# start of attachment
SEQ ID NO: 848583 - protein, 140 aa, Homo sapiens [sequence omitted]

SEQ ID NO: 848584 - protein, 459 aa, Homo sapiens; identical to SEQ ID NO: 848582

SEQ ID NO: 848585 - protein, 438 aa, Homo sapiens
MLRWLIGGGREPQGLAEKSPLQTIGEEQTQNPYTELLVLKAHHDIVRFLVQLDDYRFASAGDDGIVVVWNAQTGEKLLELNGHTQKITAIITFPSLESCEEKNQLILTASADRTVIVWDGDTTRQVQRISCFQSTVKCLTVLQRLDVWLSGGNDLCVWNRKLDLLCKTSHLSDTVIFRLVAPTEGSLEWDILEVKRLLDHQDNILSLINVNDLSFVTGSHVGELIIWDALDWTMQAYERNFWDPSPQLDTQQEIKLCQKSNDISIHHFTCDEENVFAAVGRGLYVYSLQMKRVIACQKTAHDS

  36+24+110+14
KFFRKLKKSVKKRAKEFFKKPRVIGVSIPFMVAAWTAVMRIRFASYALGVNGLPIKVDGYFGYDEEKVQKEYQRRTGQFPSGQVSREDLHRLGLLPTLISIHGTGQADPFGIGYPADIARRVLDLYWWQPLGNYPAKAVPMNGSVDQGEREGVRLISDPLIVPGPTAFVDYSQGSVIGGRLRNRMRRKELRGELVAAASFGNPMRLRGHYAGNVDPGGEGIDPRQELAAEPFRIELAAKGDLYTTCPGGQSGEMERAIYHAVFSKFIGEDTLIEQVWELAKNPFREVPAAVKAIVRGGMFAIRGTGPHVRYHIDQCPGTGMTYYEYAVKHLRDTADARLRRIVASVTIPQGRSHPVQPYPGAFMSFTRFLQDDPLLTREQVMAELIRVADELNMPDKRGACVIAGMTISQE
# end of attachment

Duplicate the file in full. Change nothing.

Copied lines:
SEQ ID NO: 848583 - protein, 140 aa, Homo sapiens [sequence omitted]

SEQ ID NO: 848584 - protein, 459 aa, Homo sapiens; identical to SEQ ID NO: 848582

SEQ ID NO: 848585 - protein, 438 aa, Homo sapiens
MLRWLIGGGREPQGLAEKSPLQTIGEEQTQNPYTELLVLKAHHDIVRFLVQLDDYRFASAGDDGIVVVWNAQTGEKLLELNGHTQKITAIITFPSLESCEEKNQLILTASADRTVIVWDGDTTRQVQRISCFQSTVKCLTVLQRLDVWLSGGNDLCVWNRKLDLLCKTSHLSDTVIFRLVAPTEGSLEWDILEVKRLLDHQDNILSLINVNDLSFVTGSHVGELIIWDALDWTMQAYERNFWDPSPQLDTQQEIKLCQKSNDISIHHFTCDEENVFAAVGRGLYVYSLQMKRVIACQKTAHDS

  36+24+110+14
KFFRKLKKSVKKRAKEFFKKPRVIGVSIPFMVAAWTAVMRIRFASYALGVNGLPIKVDGYFGYDEEKVQKEYQRRTGQFPSGQVSREDLHRLGLLPTLISIHGTGQADPFGIGYPADIARRVLDLYWWQPLGNYPAKAVPMNGSVDQGEREGVRLISDPLIVPGPTAFVDYSQGSVIGGRLRNRMRRKELRGELVAAASFGNPMRLRGHYAGNVDPGGEGIDPRQELAAEPFRIELAAKGDLYTTCPGGQSGEMERAIYHAVFSKFIGEDTLIEQVWELAKNPFREVPAAVKAIVRGGMFAIRGTGPHVRYHIDQCPGTGMTYYEYAVKHLRDTADARLRRIVASVTIPQGRSHPVQPYPGAFMSFTRFLQDDPLLTREQVMAELIRVADELNMPDKRGACVIAGMTISQE